4. Click Browse on the next screen and select the .cer file which has been exported from another computer, then click Next.
    import browse next
  5. Now select “Automatically select the certificate store based on the type of certificate” and click Next.
    auto select certificate location
  6. On the final screen of the wizard, click Finish.

The certificate will now be updated on your computer which you can see through the Certificate Management Console.

Another way to install this exported certificate is directly through the .cer file. Double-click the .cer file to launch it. From the certificate, click Install Certificate.

install certificate
Install certificate

The Certificate Import Wizard will now be launched. From there, select Local Machine as the Store Location and then click Next.

local machine next
Import for local machine

The remaining steps for importing the certificate are the same as we had discussed above.

From an SST File

Serialized Certificate Store Format (SST) files are certificates created directly from a CA. An SST file contains certificates used to authenticate the identities of websites, apps, and programs.

The SST file can be downloaded on demand from Microsoft using Windows Update so you may have all the latest certificates at once.

Let us show you how to download the file, and then discuss different methods to install it.

Download Latest Root Certificates for Windows

Downloading the latest SST file with the latest Root Certificates is easy. Begin by creating a new folder using File Explorer where the SST file will be stored. Then, launch the Command prompt with administrative privileges and navigate to the empty folder you have created using the command below.

cd /d "PathToFolder"

This is where the SST file will be downloaded. Replace PathToFolder with the complete path of the empty folder, as in the example below.

Change directory

Now run the following command to download the latest certificates in an SST file:

certutil.exe -generateSSTFromWU roots.sst
Download SST file
Download SST file

You will now find that the SST file has been downloaded. This file contains all the latest Root Certificates. You can now install them all at once, or one-by-one (only the ones that are required).

Install All Certificates using SST File

Once you open the downloaded roots.sst file, you will see that it holds many certificates. In our case, it holds 436 files. These can all be installed instantly using Windows PowerShell. Here is how:

  1. Open PowerShell with administrative privileges.
  2. Now run the following command while replacing CertPath with the complete path to the downloaded SST file:
    $sstStore = ( Get-ChildItem -Path <em>CertPath</em>\roots.sst)
  3. Next, paste the following command to import all the certificates on your PC:
    $sstStore | Import-Certificate -CertStoreLocation Cert:\LocalMachine\Root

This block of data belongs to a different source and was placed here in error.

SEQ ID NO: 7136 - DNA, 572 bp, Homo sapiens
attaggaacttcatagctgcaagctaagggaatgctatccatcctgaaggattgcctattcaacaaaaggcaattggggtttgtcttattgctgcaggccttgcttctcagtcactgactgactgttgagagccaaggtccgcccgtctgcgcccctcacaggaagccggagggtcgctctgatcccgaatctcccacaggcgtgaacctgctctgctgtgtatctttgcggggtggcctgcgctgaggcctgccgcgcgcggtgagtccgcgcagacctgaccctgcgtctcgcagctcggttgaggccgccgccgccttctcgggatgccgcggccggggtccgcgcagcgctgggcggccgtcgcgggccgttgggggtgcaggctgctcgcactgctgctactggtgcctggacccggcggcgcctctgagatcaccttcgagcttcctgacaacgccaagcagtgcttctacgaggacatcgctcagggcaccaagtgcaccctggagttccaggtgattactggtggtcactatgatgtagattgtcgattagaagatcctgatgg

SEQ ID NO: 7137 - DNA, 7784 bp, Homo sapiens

Import all certificates

You will now find that the certificates have been imported to your machine from the downloaded SST file. You can verify this through the Certificate Management Console.

Install Individual Root Certificates using SST File

Another method to install the Root Certificates from an SST file is one-by-one. This may take a while, but the method can only be used when you wish to install specific certificates.

To do so, run the SST file by double-clicking on it. It will open in an identical console to MMC. From there, you can export a certificate and then import it on the local machine using the method we have already discussed above.

Alternatively, you can also double-click on the certificate and install it directly.

SST file
SST file

From an STL File

Serialized Certificate Trust List (STL) files also contain Root Certificates, but the file formatting is different than an SST file. Microsoft maintains an STL file you can download to obtain the latest Root Certificates for your Windows. The STL is updated twice a month.

Download Latest STL File

Once downloaded, extract its content using a third-party compression/decompression tool. The extracted folder should now contain only one STL file. You may then proceed to import the file using Command Line Interface (CLI).

Launch the Command Prompt with administrative privileges and navigate to the extracted folder using the Change Directory command:

cd /d "PathToExtracted"

Replace PathToExtracted with the complete path to the extracted folder, as in the following example:

cd 2
Navigate to extracted directory

Now paste the following command to import the certificates within the STL file.

certutil -addstore -f root authroot.stl
Import STL file

You can now confirm that the latest certificates have been installed using the Certificate Management Console.

Final Thoughts

Although it may not seem like it, a Root Certificate is essential for your daily work on a PC, as it is making authorization handshakes and trust with other components in the background while you continue with your work.

However, once a certificate has expired, it can be safely deleted, as it is no longer valid. That said, we recommend that you install a new, valid certificate in its place before removing the old one.